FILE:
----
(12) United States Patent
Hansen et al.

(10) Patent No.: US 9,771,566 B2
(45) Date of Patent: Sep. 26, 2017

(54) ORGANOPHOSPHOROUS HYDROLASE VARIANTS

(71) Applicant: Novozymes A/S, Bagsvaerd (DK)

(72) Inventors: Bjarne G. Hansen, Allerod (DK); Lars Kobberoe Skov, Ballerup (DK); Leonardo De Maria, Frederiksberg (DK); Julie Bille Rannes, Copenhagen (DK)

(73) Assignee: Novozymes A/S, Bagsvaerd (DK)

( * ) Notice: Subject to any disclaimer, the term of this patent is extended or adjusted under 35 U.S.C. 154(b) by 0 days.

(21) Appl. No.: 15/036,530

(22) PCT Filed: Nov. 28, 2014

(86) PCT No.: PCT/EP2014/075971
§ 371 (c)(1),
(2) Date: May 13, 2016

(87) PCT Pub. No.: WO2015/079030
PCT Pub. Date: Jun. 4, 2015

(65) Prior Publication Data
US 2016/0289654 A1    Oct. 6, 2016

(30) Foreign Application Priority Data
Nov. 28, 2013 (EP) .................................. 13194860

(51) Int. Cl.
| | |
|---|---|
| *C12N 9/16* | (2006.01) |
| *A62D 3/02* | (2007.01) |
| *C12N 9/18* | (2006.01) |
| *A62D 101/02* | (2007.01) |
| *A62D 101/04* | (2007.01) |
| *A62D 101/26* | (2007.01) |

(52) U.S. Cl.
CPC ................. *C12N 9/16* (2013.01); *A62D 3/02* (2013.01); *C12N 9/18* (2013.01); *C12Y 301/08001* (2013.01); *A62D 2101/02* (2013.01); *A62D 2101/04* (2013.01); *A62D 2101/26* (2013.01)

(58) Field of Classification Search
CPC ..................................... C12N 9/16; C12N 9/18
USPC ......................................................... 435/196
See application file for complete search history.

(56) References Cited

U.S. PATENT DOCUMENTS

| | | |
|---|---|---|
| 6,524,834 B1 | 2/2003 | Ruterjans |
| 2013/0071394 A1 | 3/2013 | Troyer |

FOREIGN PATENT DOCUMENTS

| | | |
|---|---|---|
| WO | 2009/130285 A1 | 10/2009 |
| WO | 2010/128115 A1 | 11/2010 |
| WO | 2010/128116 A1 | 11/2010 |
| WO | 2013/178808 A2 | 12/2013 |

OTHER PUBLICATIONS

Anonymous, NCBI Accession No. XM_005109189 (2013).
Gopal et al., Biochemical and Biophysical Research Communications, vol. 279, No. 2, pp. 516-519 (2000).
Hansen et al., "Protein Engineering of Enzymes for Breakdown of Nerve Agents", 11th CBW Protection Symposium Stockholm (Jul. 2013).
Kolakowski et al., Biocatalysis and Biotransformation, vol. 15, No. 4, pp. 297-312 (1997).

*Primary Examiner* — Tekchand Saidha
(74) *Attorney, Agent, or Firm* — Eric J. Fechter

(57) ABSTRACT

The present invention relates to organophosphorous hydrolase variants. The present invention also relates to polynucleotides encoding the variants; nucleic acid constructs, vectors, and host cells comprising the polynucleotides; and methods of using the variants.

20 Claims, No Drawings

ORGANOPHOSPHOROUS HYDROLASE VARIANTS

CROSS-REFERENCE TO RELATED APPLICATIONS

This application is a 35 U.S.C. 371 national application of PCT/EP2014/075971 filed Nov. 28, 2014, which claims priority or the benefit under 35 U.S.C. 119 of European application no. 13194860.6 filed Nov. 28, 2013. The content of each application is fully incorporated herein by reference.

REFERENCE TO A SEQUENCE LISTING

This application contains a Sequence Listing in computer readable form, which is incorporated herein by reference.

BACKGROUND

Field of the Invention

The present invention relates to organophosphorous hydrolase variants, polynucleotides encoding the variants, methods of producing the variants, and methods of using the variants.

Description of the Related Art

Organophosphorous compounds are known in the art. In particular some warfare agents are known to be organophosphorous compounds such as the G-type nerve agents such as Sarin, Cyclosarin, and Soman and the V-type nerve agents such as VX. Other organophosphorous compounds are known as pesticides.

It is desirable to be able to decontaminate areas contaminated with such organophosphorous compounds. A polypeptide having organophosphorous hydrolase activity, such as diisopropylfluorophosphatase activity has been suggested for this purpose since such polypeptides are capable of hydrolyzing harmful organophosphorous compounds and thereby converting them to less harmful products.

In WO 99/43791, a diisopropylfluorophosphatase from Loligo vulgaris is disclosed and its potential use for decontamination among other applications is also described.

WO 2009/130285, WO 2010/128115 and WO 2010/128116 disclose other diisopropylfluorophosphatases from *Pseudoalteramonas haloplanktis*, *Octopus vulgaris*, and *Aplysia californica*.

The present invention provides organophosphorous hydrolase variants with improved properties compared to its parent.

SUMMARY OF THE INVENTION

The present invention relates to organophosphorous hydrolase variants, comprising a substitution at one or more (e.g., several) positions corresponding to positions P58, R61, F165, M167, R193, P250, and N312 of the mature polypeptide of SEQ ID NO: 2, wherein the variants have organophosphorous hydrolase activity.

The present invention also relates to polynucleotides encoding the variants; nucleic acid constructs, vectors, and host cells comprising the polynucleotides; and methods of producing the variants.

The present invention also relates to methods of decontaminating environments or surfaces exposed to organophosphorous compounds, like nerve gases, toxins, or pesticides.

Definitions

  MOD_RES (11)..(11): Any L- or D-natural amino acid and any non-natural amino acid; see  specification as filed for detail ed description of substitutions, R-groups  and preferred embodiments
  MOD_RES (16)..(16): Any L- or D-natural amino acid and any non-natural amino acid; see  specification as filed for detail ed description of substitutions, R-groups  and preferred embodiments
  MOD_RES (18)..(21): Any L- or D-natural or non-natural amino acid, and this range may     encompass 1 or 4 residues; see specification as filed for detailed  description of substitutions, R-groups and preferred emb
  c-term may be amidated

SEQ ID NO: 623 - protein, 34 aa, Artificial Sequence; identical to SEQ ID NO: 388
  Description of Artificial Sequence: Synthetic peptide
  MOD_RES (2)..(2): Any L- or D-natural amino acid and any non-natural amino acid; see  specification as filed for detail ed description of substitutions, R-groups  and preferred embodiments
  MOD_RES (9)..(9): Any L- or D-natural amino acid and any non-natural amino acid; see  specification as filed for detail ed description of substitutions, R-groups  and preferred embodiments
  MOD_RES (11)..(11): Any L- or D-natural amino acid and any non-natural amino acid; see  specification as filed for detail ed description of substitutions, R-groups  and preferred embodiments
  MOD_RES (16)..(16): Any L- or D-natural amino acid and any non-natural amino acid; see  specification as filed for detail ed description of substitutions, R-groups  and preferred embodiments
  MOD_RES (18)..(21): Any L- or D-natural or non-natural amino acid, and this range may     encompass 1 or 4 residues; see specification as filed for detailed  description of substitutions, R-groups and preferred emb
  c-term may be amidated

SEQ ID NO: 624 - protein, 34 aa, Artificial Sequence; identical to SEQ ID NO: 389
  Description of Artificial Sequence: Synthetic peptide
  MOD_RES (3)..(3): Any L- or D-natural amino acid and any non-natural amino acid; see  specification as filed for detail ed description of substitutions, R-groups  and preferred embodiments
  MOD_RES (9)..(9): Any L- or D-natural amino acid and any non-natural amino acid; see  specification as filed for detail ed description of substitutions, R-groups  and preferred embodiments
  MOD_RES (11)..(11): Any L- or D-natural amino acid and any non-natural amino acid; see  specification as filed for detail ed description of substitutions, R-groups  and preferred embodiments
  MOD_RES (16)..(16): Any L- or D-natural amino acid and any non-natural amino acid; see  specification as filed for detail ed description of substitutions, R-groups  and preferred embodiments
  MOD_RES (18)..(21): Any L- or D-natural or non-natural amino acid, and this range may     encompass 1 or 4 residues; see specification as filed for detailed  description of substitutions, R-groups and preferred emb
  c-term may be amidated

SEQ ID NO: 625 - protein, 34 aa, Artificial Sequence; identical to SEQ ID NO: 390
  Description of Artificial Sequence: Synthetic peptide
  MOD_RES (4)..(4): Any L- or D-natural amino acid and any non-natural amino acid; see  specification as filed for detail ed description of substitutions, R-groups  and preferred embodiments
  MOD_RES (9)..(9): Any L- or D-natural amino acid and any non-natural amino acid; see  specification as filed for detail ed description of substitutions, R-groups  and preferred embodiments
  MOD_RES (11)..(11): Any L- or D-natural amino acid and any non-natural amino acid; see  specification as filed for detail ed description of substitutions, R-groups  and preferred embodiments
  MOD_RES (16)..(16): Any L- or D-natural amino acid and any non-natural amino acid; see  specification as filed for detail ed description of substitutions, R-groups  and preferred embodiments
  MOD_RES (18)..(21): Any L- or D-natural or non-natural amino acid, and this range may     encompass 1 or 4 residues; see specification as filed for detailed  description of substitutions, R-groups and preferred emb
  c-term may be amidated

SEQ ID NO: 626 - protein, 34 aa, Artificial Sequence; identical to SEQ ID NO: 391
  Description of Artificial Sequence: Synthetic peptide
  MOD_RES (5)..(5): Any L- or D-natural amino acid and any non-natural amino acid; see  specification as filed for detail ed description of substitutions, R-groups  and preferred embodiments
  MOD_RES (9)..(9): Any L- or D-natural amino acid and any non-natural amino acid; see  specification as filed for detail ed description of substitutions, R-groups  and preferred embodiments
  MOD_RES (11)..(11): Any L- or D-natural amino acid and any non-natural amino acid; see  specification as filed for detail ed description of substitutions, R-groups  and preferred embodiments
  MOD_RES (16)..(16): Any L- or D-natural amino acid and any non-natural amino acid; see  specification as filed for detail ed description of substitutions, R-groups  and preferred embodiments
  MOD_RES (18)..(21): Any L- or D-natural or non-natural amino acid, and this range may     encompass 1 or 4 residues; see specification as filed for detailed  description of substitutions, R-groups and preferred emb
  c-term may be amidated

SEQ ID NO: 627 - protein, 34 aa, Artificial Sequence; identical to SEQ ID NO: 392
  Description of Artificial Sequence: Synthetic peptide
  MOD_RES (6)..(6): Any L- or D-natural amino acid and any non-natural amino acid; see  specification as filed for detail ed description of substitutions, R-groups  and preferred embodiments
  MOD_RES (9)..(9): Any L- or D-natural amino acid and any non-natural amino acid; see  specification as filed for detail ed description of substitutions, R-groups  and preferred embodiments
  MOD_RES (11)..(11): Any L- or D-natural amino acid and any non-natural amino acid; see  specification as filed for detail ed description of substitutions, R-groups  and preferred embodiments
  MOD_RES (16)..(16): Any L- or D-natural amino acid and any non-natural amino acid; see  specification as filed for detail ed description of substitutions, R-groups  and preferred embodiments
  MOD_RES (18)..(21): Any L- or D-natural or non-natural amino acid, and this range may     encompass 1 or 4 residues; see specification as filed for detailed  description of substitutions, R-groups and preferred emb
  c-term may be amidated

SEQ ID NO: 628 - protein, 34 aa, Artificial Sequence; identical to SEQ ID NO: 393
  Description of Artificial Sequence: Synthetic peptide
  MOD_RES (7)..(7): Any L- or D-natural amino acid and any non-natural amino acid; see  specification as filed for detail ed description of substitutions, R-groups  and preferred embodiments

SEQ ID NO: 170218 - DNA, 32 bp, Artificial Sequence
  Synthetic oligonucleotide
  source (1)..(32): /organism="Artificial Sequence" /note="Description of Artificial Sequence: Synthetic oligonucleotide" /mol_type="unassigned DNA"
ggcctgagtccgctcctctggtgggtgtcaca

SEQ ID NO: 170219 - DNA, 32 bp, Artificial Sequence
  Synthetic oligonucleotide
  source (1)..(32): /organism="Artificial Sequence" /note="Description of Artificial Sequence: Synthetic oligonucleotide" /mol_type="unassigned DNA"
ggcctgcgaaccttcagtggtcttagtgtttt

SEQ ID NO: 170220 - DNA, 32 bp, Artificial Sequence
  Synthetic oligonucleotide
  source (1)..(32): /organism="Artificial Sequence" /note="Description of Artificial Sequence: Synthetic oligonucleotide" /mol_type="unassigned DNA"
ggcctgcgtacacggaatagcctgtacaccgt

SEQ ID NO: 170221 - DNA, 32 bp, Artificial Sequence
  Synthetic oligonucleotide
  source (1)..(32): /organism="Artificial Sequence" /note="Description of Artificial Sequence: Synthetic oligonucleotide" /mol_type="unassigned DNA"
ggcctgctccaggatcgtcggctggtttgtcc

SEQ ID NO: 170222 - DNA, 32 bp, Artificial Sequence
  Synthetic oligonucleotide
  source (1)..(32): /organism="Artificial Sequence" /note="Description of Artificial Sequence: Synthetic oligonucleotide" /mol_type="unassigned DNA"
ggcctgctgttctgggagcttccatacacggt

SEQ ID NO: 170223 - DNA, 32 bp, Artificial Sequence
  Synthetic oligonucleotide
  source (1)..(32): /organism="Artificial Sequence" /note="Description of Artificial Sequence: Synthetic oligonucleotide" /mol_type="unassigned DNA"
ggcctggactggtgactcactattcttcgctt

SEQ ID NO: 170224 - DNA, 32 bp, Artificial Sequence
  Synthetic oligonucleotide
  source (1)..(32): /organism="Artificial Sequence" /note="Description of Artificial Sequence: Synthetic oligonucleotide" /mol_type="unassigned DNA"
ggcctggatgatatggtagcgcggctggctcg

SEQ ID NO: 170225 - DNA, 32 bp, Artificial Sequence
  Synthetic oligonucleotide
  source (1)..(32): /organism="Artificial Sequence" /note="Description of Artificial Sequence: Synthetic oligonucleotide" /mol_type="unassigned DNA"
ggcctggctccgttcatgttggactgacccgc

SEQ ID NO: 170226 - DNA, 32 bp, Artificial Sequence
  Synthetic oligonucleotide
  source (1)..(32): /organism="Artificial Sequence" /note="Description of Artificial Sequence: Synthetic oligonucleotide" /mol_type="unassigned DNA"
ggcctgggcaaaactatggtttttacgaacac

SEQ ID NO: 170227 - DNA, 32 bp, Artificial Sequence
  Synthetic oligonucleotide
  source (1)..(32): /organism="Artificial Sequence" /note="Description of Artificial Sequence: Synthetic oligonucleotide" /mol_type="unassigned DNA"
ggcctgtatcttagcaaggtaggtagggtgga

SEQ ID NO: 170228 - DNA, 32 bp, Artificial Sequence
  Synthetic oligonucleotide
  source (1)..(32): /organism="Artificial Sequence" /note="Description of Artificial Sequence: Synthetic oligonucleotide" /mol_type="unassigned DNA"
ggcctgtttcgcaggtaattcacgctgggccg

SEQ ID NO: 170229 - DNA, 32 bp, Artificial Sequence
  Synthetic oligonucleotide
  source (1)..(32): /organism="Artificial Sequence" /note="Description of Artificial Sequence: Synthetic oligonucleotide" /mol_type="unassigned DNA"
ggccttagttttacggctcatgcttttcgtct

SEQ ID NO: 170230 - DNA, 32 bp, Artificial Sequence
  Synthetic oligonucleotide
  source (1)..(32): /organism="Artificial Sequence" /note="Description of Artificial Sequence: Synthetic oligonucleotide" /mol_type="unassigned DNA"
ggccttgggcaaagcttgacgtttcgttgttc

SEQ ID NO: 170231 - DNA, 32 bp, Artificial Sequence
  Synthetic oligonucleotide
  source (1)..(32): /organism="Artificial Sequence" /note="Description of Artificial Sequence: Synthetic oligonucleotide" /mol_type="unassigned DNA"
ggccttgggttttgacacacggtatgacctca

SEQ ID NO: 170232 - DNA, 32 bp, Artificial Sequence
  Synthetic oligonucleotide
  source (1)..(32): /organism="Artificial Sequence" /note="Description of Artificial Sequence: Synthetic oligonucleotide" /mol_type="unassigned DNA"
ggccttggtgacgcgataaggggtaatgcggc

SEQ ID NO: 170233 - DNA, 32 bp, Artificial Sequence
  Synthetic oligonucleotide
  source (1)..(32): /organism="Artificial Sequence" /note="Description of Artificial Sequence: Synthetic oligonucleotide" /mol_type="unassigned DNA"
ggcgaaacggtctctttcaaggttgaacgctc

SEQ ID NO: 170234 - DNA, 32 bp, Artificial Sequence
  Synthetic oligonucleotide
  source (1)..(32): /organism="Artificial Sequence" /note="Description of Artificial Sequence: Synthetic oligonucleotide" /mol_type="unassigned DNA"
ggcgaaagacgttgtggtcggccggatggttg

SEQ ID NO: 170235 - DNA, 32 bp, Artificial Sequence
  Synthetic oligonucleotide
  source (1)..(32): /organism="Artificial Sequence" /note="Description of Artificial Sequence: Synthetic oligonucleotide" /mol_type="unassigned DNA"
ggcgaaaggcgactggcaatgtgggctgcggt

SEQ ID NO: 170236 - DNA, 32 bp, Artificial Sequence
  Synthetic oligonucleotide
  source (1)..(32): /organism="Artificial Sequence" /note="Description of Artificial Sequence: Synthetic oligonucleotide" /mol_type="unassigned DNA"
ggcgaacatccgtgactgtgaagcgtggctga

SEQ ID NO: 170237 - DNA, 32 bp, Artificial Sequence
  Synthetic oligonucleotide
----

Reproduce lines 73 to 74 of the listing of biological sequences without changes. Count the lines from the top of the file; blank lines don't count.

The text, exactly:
SUMMARY OF THE INVENTION

The present invention relates to organophosphorous hydrolase variants, comprising a substitution at one or more (e.g., several) positions corresponding to positions P58, R61, F165, M167, R193, P250, and N312 of the mature polypeptide of SEQ ID NO: 2, wherein the variants have organophosphorous hydrolase activity.